Did you notice the potato chips in the menu lineup?  Yes, we found junk food with French labeling in the grocery store.  We felt compelled to try it, purely for investigative reporting, not that we missed Ruffles with ridges or Cheetos from home.  It was surely our duty to inspect and give an account of our findings.  Being honest, ever truthful, I must say that you will be happy that you were not standing nearby for an on-the-spot report after we consumed the Bacon Fumé chips.  Altoids may have met their match with the aftertaste, but the bacon-flavored, dreadful breath is nothing compared to the goat cheese potato chips.  We indulged in these flavorful munchies one memorable evening while watching French television.  A word of caution, just don’t do it!  Say, NO!  Reflux of goat cheese at midnight is not a romantic event for you and your significant other. 

We wandered around the village of Sixt for one last time, enjoying the architecture of the ancient houses with the gurgle of the fountain in the center of the square, this time without an umbrella required.  I heard the chime of the bells ringing the hour and knew it was late, time to return to our rental house for the last night.  When we reached the house Jim rushed inside to get his wallet which he had forgotten when we left earlier in the morning.  We were going to the grocery store for a few items, NOT potato chips!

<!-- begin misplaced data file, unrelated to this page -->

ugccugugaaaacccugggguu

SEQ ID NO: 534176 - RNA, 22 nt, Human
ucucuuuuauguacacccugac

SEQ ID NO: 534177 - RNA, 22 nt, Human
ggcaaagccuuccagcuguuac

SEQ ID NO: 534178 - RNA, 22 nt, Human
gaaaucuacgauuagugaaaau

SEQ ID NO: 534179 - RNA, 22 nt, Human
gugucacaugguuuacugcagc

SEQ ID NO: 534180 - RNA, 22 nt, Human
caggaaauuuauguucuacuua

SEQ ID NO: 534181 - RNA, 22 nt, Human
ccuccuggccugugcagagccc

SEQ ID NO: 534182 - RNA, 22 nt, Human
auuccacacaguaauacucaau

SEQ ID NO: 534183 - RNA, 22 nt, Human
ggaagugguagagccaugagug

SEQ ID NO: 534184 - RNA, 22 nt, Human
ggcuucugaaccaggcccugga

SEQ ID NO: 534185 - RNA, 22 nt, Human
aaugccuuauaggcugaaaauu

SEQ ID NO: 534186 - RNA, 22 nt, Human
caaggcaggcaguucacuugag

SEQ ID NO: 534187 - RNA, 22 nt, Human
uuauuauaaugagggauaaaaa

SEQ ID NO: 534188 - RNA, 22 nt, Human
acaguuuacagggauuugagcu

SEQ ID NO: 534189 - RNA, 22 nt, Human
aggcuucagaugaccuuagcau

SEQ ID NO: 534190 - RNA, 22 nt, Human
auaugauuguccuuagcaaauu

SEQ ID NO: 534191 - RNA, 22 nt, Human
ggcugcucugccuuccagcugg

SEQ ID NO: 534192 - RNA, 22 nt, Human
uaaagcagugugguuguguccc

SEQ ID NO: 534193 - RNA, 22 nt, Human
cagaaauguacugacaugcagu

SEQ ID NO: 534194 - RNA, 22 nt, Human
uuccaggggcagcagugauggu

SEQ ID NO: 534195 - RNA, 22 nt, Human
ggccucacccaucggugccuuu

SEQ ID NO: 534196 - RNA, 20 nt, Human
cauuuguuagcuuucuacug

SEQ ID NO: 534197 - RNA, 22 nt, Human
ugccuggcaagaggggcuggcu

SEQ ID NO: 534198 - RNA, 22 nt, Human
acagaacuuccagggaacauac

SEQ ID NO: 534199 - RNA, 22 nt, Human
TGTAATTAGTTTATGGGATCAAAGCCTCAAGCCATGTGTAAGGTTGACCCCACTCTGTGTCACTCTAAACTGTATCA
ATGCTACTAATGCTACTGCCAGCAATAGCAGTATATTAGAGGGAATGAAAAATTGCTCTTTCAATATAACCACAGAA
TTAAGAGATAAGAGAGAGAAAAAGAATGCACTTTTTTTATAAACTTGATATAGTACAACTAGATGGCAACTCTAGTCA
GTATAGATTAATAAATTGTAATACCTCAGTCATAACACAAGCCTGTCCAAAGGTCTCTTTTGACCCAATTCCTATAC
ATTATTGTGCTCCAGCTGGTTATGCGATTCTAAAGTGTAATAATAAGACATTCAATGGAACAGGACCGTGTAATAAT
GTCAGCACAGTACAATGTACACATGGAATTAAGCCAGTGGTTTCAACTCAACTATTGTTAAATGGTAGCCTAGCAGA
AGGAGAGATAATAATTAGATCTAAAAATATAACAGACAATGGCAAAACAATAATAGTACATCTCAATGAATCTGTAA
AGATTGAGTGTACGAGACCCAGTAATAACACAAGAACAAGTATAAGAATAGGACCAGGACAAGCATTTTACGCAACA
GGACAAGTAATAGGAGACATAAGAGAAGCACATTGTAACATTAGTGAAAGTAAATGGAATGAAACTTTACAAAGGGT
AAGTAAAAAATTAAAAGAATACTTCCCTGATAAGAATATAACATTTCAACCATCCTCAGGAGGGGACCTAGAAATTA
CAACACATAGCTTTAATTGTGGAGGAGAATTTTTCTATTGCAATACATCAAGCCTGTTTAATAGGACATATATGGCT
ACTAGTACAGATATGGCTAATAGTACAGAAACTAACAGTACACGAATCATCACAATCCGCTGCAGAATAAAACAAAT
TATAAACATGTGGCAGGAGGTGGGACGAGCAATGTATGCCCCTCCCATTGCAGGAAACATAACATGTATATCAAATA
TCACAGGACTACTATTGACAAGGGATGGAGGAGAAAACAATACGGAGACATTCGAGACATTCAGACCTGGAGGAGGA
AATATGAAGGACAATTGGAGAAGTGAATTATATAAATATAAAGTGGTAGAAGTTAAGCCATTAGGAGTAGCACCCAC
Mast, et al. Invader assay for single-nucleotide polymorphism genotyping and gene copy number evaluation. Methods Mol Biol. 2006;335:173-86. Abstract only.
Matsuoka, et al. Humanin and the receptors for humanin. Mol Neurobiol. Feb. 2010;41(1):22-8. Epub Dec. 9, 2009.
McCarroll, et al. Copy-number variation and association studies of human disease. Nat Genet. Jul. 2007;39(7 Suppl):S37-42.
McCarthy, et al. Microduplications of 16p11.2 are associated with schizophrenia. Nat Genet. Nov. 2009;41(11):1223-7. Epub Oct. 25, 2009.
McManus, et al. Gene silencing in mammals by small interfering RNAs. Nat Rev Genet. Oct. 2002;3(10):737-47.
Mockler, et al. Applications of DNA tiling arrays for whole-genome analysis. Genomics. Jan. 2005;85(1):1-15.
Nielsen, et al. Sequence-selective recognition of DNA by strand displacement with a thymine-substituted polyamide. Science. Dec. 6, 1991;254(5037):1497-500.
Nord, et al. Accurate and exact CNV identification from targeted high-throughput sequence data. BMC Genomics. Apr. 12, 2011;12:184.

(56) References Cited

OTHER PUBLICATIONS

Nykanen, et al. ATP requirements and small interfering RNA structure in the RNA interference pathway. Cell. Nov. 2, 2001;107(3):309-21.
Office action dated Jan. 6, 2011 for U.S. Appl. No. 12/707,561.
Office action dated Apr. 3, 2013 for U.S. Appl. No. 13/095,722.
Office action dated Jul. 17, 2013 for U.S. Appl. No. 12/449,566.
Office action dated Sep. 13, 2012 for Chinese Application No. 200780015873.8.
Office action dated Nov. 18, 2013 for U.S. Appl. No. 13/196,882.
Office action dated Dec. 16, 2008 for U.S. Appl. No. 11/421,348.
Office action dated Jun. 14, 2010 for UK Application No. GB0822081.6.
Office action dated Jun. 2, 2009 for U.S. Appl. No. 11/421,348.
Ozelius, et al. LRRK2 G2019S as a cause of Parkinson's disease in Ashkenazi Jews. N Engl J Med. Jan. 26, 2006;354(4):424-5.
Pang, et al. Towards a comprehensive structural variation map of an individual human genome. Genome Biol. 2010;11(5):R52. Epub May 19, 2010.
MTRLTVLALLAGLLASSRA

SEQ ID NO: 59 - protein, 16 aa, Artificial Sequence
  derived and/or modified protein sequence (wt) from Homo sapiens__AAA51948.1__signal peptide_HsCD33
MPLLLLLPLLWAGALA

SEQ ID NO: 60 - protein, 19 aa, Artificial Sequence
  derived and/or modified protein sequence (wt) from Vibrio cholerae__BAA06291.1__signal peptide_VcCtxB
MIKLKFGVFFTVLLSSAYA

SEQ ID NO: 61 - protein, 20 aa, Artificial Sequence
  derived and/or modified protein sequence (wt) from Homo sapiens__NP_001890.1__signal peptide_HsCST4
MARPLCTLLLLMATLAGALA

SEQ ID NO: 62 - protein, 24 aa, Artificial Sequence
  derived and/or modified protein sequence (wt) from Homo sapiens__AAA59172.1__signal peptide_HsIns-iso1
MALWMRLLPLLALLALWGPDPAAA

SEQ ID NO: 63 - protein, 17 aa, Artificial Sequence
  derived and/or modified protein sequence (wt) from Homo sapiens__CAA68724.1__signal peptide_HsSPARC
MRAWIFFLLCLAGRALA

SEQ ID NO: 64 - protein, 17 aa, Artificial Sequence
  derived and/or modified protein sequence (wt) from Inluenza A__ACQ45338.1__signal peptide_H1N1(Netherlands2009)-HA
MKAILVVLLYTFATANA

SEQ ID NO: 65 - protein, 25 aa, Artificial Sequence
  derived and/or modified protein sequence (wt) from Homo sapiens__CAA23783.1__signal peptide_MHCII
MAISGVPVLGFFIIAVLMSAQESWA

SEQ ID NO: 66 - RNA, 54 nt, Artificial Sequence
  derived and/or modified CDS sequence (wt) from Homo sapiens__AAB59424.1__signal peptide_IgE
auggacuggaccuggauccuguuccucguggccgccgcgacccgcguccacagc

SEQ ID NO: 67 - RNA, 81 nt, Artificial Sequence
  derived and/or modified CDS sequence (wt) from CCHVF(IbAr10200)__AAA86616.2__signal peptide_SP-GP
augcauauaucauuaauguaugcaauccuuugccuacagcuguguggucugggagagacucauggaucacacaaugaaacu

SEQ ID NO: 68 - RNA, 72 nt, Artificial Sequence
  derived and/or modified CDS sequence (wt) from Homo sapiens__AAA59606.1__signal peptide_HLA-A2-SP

While I was sitting in the car in the dark with the car’s headlights on the wall of wood from an old barn, I felt happy and grateful for meeting new people and finding special places each day of our journey.  Starting with La Ruche, which means bee hive, we had a home which nourished us with comfort each day and the people who made it possible were like an extended family.  The happiness we had experienced, the kindness of the people we had met and the sadness of leaving the wonderful place we had lived for a short time weighed heavily on my emotions when I sat silently in the darkness.

Jim took longer than I expected.   I evidently had time for my imagination to wander.  The lights of the car illuminated the dark knots in the wood and I gradually spotted the outline of animals on the wall in a random almost connect-the-dots sort of way.  I excitedly pointed them out to Jim when he returned, “Look there’s a fox and that’s a sheep on the right.”  He glanced at my animal menagerie, and then he looked in the opposite direction for traffic as he backed the car away from the house.  I couldn’t see his face, but I know an eye-roll when it happens – even in the dark!

I took this opportunity to get some evening photos in Samoëns while Jim was at the small grocery store.

What do you do on the last day of holidays, or vacation? What are your plans for the coming year? I’m always happy to hear from you.

Well, here we are with the last day in France over and long gone.  The last day of this year is only hours away. I still don’t like last days very much, but I do intend to make the best of them!

Thanks ever so much for traveling with us!!  COLD weather is here in many areas, so be very careful!  Ya’ll come back in 2018!!  A festival in Alabama is coming up next on the blog page.  I still have more of France coming as well.